# Difference between revisions of "Classical Bohr Atom"

## Order of Magnitude Interaction of Radiation and Matter

It turns out that you can tell a cute little story about the energy levels in hydrogen-like atoms using a simple Bohr model of the hydrogen atom and classical physics. You just need a couple small doses of quantum mechanics in the beginning to get you started on the right track.

### Energy Levels

• Electronic Transitions: Sketch of Rydberg-$\alpha$ and Lyman-$\alpha$ for hydrogen

We’ll start with the Bohr atom, and follow a classical derivation/estimation path. The only quantum mechanics that we need to inject is that angular momentum comes in units of $\hbar$ . So let’s begin by quantizing the angular momentum associated with the electron’s orbit around the nucleus. We’ll define the radius of the electron’s orbit as $a_{0}$ (the Bohr radius), and the velocity that the electron travels at will be $v_{e}$ . This gives us the following expression for the electron’s angular momentum for $n$ units of $\hbar$ :

$m_{e}v_{e}a_{0}=n\hbar \,\!$ Next, we balance the force required to keep the $e^{-}$ in a circular orbit against the electric force:

$m_{e}{\frac {v_{e}^{2}}{a_{0}}}={\frac {Ze^{2}}{a_{0}^{2}}}\,\!$ This gives us the following solution for the Bohr radius:

$a_{0}={\frac {\hbar ^{2}}{m_{e}Ze^{2}}}\approx 0.52{\frac {\mathrm {\AA} }{Z}}\,\!$ A Rydberg is the energy required to ionize an H atom from the ground state. It is $\sim 13.6eV$ . We can estimate it as half of the energy we get integrating the electric force from $r=a_{0}\rightarrow \infty$ , (the other half is the kinetic energy of the orbiting electron):

${\rm {Rydberg}}\equiv {\frac {Ze^{2}}{2a_{0}}}={\frac {Z^{2}e^{4}m_{e}}{\hbar ^{2}}}=13.6\cdot Z^{2}eV\,\!$ • Fine Structure:

Fine Structure comes from the interaction of the magnetic moment of the $e^{-}$ with the a ${\vec {B}}$ caused by the Lorentz-transformed Coulomb field of the proton (generated by the $e^{-}$ ’s motion). The energy of a dipole interaction is $E={\vec {\mu }}\cdot {\vec {B}}$ , so we’d expect that:

$\Delta E\sim \mu B\,\!$ We can estimate B by just applying a Lorentz boost to the electric field of the nucleus:

$B\sim {\frac {Ze}{a_{0}^{2}}}{\frac {v}{c}},\,\!$ with ${\frac {v}{c}}\sim {\frac {Ze^{2}}{\hbar c}}$ . For reference, ${\frac {v}{c}}$ for $Z=1$ evaluates to ${\frac {e^{2}}{\hbar c}}\equiv \alpha \approx {\frac {1}{137}}$ , which is the fine structure constant.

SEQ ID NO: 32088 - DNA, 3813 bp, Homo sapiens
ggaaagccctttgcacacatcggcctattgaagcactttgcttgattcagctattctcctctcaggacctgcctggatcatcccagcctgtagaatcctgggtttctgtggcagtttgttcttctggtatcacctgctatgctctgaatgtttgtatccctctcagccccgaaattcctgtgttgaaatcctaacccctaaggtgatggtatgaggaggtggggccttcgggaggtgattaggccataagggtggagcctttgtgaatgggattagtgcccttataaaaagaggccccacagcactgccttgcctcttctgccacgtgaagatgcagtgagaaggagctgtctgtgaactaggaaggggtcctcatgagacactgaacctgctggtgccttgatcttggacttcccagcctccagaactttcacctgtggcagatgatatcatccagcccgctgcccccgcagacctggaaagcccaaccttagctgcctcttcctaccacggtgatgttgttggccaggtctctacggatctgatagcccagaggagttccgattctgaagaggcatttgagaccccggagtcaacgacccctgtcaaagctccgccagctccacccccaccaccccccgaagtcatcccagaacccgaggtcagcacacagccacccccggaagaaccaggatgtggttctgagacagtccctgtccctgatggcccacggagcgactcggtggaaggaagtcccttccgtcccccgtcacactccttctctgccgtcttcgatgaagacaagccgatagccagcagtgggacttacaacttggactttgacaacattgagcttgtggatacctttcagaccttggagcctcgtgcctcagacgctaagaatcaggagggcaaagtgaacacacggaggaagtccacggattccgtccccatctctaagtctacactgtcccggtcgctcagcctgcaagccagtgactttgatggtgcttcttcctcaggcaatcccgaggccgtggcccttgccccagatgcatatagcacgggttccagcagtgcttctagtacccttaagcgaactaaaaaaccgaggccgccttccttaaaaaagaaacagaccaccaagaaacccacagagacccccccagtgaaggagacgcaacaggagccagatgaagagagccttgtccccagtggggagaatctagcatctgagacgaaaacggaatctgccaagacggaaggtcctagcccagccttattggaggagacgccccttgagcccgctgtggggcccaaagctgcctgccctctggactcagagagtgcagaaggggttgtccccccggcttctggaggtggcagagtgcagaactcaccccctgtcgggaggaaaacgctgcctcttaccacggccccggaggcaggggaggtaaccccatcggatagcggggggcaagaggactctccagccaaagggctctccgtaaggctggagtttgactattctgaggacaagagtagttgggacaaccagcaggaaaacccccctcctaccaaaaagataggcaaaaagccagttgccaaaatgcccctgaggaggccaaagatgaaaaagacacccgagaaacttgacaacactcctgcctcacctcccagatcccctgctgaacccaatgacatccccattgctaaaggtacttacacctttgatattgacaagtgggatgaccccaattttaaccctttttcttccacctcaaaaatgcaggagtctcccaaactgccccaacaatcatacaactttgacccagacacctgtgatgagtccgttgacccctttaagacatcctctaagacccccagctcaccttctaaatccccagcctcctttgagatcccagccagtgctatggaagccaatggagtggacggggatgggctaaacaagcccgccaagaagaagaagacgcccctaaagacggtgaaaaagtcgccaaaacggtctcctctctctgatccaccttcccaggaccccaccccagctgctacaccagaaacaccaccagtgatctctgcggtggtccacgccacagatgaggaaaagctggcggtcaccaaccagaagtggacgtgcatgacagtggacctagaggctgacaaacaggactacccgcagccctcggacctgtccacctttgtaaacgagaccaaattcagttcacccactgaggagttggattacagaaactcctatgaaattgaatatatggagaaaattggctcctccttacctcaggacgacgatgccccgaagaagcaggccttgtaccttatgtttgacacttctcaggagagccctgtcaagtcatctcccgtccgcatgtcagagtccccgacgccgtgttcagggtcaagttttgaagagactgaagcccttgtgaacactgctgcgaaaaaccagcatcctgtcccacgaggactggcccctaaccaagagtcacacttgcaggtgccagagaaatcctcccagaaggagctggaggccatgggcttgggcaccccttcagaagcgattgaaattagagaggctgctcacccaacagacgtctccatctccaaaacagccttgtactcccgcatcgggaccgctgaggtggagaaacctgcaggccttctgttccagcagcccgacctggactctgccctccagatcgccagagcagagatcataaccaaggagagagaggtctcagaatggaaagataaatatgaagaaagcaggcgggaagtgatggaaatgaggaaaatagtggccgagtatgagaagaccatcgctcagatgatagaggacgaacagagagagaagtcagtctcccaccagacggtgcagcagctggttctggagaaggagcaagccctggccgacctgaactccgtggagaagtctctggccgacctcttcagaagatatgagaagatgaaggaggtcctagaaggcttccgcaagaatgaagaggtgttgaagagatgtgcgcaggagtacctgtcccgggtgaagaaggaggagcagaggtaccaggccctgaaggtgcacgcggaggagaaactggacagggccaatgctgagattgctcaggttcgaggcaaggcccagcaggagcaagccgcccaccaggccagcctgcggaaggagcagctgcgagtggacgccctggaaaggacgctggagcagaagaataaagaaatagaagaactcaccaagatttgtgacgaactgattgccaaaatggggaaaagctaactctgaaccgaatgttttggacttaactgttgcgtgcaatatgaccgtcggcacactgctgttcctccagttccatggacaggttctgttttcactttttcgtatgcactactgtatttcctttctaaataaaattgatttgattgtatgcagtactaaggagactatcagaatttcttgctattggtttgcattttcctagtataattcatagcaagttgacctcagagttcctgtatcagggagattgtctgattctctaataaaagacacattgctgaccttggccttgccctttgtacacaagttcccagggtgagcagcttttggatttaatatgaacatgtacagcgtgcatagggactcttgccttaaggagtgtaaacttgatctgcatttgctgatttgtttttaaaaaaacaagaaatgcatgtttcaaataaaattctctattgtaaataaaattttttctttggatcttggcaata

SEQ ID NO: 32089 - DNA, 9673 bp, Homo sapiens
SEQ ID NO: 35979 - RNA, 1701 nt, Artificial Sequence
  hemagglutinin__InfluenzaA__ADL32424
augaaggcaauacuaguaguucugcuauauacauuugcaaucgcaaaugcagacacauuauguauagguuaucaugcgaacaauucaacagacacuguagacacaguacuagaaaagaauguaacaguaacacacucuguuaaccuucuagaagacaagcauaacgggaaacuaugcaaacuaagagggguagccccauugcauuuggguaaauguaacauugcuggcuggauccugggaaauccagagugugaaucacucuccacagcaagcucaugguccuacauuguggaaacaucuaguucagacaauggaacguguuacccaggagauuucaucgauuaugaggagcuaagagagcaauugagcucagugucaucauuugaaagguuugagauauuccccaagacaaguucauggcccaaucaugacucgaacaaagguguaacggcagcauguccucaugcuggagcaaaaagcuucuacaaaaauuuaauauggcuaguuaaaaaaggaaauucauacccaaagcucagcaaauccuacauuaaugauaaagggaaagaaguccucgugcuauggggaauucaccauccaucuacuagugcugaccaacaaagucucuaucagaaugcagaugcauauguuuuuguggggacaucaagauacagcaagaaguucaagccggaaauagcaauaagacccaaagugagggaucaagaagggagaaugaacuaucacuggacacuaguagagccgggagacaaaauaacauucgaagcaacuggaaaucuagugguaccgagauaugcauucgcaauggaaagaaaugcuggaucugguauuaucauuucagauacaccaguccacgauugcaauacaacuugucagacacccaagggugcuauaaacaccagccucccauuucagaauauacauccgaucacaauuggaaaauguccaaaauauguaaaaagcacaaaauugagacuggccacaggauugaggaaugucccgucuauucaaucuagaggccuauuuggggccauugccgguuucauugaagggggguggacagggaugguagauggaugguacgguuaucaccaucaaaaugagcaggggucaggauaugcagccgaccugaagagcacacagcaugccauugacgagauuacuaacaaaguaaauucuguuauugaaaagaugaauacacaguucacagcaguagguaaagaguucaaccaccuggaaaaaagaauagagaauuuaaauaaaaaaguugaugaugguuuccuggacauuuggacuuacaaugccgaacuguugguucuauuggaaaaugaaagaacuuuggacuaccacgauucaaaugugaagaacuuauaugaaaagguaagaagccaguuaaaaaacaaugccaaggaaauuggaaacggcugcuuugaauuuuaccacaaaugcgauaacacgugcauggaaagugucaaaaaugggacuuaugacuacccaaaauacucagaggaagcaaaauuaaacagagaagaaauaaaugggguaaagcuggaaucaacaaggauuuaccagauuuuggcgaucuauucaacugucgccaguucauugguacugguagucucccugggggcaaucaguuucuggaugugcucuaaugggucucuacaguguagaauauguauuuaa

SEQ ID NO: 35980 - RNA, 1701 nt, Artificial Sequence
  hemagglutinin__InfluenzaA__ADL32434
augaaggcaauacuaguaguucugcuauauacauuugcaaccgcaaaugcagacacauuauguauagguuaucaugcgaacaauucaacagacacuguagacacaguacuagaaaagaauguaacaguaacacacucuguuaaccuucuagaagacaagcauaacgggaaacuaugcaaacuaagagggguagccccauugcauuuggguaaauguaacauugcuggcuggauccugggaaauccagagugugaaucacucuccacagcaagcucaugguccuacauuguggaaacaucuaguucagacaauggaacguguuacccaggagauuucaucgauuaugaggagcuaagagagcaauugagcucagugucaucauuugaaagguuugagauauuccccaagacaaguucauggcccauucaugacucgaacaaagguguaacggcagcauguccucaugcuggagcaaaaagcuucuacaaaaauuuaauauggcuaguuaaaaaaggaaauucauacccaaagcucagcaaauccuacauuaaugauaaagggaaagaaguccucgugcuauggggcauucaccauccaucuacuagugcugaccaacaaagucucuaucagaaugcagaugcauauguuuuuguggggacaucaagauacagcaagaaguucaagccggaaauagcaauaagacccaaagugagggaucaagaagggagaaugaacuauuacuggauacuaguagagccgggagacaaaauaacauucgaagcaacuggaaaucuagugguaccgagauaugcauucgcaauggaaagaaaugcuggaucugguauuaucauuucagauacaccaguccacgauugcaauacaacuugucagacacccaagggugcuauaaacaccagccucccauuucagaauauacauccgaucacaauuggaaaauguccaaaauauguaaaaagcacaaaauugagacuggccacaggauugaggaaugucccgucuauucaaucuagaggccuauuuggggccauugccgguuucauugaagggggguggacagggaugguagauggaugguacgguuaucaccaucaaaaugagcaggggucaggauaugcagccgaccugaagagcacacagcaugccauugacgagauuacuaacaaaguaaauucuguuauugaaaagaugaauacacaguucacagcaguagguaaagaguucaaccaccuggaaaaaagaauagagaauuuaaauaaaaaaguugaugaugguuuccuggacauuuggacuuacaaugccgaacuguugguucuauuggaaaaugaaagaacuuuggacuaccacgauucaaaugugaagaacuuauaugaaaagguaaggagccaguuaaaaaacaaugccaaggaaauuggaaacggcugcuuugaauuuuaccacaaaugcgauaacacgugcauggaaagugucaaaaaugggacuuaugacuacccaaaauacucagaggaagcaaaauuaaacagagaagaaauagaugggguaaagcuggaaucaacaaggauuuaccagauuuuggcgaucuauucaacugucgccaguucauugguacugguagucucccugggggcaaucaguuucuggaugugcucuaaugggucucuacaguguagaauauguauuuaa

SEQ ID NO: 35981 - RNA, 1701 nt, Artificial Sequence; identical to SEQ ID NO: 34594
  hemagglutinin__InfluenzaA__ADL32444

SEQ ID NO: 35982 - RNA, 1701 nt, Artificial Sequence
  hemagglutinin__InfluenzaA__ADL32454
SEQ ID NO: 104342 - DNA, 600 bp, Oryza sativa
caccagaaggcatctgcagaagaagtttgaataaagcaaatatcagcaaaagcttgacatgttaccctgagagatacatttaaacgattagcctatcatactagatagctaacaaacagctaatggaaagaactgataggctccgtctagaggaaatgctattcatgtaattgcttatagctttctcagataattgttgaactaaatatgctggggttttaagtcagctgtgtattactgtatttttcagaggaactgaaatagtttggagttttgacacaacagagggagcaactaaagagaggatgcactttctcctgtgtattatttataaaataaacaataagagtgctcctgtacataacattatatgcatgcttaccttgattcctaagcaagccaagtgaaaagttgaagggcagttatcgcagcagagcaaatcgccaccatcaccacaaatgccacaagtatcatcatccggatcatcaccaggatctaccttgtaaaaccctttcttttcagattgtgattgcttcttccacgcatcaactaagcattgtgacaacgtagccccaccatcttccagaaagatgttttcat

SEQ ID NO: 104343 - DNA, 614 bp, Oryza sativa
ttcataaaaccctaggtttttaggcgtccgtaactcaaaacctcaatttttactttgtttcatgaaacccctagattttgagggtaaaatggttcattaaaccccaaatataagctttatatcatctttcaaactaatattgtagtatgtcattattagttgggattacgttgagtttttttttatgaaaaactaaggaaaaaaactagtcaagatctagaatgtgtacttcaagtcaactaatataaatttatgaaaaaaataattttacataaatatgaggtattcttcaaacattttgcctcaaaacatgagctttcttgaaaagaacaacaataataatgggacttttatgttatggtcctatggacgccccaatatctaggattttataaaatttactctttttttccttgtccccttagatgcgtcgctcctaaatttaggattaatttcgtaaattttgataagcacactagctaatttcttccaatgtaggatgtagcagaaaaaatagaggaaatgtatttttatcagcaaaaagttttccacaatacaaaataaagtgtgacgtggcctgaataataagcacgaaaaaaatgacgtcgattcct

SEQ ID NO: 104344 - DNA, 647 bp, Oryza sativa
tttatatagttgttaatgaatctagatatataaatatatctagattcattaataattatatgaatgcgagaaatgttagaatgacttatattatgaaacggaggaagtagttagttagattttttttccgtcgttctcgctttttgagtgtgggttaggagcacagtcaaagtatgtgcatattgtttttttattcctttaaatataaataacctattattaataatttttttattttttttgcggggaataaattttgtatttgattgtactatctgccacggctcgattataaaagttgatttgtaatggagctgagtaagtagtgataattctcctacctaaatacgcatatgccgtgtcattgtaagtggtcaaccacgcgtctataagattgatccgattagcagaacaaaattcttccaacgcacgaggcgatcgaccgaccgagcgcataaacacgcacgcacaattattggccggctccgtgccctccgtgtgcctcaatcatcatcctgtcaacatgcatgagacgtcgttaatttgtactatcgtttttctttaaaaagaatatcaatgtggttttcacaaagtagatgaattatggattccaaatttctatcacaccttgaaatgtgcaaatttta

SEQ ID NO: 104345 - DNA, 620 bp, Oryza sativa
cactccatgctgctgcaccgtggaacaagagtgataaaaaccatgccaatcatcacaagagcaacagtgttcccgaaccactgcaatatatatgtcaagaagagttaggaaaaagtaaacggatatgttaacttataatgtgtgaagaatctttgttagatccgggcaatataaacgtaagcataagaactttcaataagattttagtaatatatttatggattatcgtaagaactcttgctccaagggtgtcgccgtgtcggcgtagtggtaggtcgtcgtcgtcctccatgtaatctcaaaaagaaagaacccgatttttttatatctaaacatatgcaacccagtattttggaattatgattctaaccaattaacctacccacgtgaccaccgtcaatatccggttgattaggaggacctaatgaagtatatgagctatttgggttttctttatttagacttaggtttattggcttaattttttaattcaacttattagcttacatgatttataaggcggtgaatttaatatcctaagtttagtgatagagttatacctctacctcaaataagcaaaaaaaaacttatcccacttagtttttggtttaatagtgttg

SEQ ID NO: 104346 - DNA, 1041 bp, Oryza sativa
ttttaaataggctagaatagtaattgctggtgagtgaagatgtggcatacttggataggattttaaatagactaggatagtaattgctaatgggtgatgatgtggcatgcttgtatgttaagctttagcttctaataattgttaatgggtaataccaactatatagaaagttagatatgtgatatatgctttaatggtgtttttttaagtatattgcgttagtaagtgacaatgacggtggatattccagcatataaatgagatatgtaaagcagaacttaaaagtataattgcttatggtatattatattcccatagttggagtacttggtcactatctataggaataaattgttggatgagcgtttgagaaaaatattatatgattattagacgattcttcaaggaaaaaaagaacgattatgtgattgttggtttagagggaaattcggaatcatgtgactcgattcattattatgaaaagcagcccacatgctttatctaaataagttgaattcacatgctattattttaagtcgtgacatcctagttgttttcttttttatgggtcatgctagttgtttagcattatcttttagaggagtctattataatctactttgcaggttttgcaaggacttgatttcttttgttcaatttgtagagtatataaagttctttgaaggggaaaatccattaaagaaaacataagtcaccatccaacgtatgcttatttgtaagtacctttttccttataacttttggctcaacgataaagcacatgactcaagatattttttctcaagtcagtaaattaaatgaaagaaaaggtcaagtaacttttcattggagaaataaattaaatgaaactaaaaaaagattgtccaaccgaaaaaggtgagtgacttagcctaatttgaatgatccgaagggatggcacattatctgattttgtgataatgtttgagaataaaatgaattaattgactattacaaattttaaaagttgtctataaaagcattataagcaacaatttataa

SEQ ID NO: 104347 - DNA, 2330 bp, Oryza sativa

Next we need to estimate the magnetic dipole of an electron $\mu _{e}$ . The ${\vec {B}}$ of a magnetic dipole goes as $B_{di}\sim {\frac {\mu }{r^{3}}}$ , so we can estimate the magnetic dipole of an electron as something that produces the ${\vec {B}}$ of a spinning electron at $r_{e}$ , the classical electron radius:

$\mu \sim B_{e}{\big |}_{r_{e}}r_{e}^{3}.\,\!$ We can estimate $r_{e}$ by setting the rest mass energy of the $e^{-}$ to the electrostatic potential energy of the electron:

{\begin{aligned}m_{e}c^{2}&\sim {\frac {e^{2}}{r_{e}}}\\r_{e}&\sim {\frac {e^{2}}{m_{e}c^{2}}}\\\end{aligned}}\,\! To estimate $B_{e}$ , we can use the Maxwell Equations:

{\begin{aligned}{\vec {\nabla }}\times {\vec {B}}&={\frac {4\pi }{c}}J\\{\frac {B_{e}}{2\pi r_{e}}}&={\frac {4\pi }{c}}{\frac {I}{4\pi r_{e}^{2}}}\\\end{aligned}}\,\! We can estimate the current, $I$ from the spin timescale of the electron, $I\sim {\frac {e}{t_{spin}}}$ , and because the electron spin is quantized, $\hbar =m_{e}r_{e}^{2}{\frac {2\pi }{t_{spin}}}$ . After some algebra, we get that:

$\mu _{e}={\frac {e\hbar }{2m_{e}c}}\,\!$ (Bohr magneton for $e^{-}$ )

$\mu _{p}={\frac {Ze\hbar }{2m_{p}c}}\,\!$ (Bohr magneton for nucleus) Finally, we plug these in for our expression for the energy:

{\begin{aligned}\Delta E&\sim {\frac {e\hbar }{2m_{e}c}}{\frac {Ze}{a_{0}^{2}}}Z\alpha \\&\sim Z^{4}\alpha \cdot {\rm {Ryd}}\\\end{aligned}}\,\! where we take the Rydberg to be 13.6 eV and have factored out its $Z$ dependence explicitly.

• Hyperfine Structure:

Instead of using the Bohr magneton, we use the intrinsic magnetic moment (spin) of the nucleus:

$B{\big |}_{p}\sim {\mu _{p} \over a_{0}^{3}}\sim B_{fine}{m_{e} \over m_{p}}\,\!$ Thus:

$\Delta E\sim \Delta E_{fine}{m_{e} \over m_{p}}\,\!$ Note that Fine and Hyperfine are magnetic dipole transitions. $e^{-}$ level transitions are electric dipole transitions. Magnetic dipole transitions are generally weaker.

• Vibrational Transitions in Molecules:

Our general technique with vibrational transitions is to model them as harmonic oscillators. Thus, they should have the characteristic harmonic energy series:

$E_{n}=(n+{\frac {1}{2}})\hbar \omega _{0}\,\!$ For a harmonic oscillator, $\omega _{0}={\sqrt {k \over m}}$ . We estimate that since the force for a spring is $k\cdot x$ , and that force should be about the Coulomb force on $e^{-}$ ’s. If we say that atoms stretch with respect to each other about a Bohr radius:

$ka_{0}\sim {e^{2} \over a_{0}^{2}}\,\!$ $\Delta E{\big |}_{vib \atop trans}\sim Ryd\cdot {\sqrt {m_{e} \over A\cdot m_{p}}}\,\!$ where A is the atomic mass # of our atoms.

• Rotational Transitions in Molecules:

The thing to remember is that angular momentum comes in units of $\hbar$ .